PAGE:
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When you're deciding who will be the executor of your estate or whether you will accept a request to be one, pros say it's important to avoid making a hasty decision.
Simply put, serving as an executor is no cakewalk. The person in that role — who often is grieving — will be in charge of trying to make sure everything the decedent owned ends up where it's supposed to. They also ensure a final tax return is filed and that other debts are paid as necessary.
"Being named an executor is a compliment, but it's a lot of work," said certified financial planner John Gajkowski, a principal of Money Managers in Oak Brook, Illinois. "It's not something that can be done in a weekend. The person needs to be tenacious, business minded and able to focus on taking the steps necessary to get the job done."
The process of settling an estate can last months or years. In general, the better the estate plan that's in place when the person passes away, the less time spent wrapping everything up.
The first goal, advisors says, is to avoid probate. In simple terms, this is the process of paying off your debt and distributing the remaining assets to your heirs. While each state's laws differ, keeping certain assets out of this legal process typically avoids opening them up to claims from creditors or even offended family members who feel slighted.
For starters, make sure your assets are properly titled. For instance, the beneficiaries listed on retirement accounts, insurance policies and annuities receive the money directly without it going through probate. Be aware that the beneficiary listed on those accounts will get the funds even if your will names someone else.
Real estate can also cause issues if, say, the deed on your house doesn't reflect what your wishes are in your will. Same goes for checking, savings and brokerage accounts, if you have what's called a payable-on-death arrangement with those banks that names a specific recipient of the funds.
The most common way to avoid probate is through a trust. When set up properly, a trust governs how your assets are distributed. (In that case, the trustee you name functions similarly to an executor).
Some people also use a trust to reduce exposure to the federal estate tax. For 2017, the exemption is $5.49 million per individual, meaning that you can pass up to that amount to heirs without paying any federal tax. Keep in mind, however, that some states also impose an estate or inheritance tax that differs from IRS rules.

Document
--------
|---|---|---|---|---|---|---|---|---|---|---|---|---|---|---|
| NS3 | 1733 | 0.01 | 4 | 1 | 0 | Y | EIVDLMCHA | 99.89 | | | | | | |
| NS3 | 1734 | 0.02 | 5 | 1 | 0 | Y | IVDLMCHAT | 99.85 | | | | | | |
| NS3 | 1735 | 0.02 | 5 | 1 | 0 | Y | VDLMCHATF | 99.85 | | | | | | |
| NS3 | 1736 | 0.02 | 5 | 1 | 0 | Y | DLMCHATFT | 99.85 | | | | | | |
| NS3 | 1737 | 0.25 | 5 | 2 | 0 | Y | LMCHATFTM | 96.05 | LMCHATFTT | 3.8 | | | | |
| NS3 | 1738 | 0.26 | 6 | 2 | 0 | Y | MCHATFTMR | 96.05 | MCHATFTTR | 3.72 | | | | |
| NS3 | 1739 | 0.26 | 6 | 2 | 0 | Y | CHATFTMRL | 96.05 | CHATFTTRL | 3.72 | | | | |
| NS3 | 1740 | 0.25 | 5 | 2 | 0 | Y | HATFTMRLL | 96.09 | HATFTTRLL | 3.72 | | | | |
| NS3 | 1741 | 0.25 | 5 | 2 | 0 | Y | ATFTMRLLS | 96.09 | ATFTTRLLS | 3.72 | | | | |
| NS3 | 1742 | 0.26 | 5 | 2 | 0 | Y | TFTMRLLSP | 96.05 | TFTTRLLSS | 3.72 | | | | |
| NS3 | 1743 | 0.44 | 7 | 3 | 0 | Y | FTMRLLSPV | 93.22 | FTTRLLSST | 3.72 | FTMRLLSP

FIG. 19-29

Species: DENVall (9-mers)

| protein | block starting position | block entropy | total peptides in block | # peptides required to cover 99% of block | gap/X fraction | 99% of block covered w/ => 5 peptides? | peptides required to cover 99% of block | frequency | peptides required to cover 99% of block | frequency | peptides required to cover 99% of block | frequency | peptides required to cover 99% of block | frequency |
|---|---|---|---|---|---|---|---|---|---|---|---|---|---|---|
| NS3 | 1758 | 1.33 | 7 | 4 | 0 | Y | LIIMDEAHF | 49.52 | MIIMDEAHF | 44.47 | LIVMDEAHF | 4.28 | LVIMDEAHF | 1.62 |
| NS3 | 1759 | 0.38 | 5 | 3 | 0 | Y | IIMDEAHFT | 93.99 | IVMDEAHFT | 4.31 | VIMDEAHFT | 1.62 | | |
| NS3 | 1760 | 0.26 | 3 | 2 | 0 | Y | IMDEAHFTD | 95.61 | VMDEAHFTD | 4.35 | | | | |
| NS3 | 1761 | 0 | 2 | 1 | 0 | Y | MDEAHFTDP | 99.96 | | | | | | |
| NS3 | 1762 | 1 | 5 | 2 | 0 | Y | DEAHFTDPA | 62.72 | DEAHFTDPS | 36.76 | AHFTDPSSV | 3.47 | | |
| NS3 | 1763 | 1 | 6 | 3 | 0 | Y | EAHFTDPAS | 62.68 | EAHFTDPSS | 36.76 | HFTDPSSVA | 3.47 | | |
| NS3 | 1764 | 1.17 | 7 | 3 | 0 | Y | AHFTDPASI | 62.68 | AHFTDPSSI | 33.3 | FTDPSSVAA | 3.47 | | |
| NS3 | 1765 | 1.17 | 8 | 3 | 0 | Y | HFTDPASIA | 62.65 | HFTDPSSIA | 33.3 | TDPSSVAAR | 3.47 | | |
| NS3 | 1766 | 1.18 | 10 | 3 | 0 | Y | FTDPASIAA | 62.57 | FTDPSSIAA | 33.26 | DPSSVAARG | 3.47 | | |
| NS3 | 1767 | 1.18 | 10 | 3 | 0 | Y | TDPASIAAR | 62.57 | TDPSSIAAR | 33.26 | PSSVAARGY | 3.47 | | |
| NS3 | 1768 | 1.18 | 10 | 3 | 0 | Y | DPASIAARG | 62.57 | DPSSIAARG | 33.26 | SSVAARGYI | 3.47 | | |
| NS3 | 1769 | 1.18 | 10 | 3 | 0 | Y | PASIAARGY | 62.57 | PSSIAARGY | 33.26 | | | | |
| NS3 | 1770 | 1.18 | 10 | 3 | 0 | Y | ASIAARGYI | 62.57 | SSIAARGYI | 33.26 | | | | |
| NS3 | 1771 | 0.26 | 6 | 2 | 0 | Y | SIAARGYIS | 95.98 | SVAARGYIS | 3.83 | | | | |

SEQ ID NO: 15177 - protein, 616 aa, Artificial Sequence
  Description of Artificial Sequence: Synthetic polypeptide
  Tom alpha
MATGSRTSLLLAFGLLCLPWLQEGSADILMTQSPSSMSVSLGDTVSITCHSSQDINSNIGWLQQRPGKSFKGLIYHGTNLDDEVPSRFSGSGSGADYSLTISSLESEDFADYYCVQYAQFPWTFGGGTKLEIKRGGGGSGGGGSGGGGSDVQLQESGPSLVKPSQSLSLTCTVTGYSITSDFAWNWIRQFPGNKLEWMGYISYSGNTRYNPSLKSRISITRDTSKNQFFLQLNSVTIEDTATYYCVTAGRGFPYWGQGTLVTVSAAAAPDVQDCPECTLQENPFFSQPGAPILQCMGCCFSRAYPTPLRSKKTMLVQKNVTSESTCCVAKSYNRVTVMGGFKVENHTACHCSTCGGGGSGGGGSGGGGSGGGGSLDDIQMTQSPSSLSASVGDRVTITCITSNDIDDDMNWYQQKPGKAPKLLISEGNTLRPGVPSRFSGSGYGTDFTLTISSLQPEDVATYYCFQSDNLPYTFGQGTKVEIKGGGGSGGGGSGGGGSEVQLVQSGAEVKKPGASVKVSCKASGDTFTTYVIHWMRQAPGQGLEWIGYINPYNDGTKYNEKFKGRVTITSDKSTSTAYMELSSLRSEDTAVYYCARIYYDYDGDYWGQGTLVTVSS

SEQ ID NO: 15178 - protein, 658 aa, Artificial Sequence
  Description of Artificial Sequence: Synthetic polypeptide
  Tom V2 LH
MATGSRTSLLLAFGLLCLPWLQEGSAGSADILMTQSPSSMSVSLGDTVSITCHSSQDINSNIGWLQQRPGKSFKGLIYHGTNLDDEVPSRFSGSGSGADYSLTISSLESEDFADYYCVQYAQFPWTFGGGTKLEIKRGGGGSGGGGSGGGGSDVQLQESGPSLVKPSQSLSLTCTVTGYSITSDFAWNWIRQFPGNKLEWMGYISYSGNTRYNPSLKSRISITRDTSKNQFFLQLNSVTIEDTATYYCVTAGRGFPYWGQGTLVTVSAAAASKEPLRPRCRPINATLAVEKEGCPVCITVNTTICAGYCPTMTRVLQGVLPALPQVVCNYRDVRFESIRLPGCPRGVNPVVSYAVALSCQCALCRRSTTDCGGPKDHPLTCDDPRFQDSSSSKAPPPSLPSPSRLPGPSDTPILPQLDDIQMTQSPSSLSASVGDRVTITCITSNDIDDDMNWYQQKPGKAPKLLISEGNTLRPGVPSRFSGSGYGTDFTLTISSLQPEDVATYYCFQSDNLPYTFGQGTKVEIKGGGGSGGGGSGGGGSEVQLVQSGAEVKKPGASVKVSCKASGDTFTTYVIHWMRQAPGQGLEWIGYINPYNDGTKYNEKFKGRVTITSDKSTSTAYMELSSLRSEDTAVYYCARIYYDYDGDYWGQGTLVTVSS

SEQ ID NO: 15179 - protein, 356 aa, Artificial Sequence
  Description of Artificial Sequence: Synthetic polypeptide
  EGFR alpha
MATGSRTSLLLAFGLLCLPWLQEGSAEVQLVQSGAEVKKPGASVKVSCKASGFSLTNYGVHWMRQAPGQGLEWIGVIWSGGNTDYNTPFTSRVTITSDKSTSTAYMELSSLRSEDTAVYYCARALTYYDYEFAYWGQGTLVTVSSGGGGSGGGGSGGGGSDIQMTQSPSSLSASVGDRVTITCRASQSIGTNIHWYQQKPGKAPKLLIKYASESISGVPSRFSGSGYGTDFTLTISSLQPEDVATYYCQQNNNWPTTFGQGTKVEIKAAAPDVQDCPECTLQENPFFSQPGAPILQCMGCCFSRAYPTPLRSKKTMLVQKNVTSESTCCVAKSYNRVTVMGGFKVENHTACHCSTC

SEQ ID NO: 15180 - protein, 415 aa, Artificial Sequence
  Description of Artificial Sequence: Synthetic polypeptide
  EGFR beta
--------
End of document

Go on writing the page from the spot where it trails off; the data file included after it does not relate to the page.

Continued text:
In addition to creating a will and proper titling of assets, leaving an organized list for the executor is helpful. Among the items to include: the location of your will, information on bank accounts, insurance and annuity contracts, retirement accounts, car loans, your Social Security number and any other information that will make the process easier for the executor.
"As long as the executor knows where the list is, they don't have to go searching for anything," said Elijah Kovar, a partner at Minneapolis-based Great Waters Financial.
In addition to filing the will with the state court and getting legal authorization to act as executor, the person will be in charge of contacting every institution where there was a financial relationship. Each bank has a process for giving the executor access to those accounts.
This person also will be charged with selling your house if that's part of your plan. That involves getting an appraisal, hiring a real estate agent and seeing the sales process through to the end.
Personal possessions also must be disposed of or distributed among heirs.
"This can be the hardest part," Gajkowski said. "There can be more fighting over mom's wedding ring or other belonging than the financial accounts."
If you've been approached about serving as an executor, advisors say it's OK to ask if steps have been taken to make the eventual job as straightforward and uncomplicated as possible.
"I'd want to make sure things are in place to help me or it could be hell down the road," Kovar said.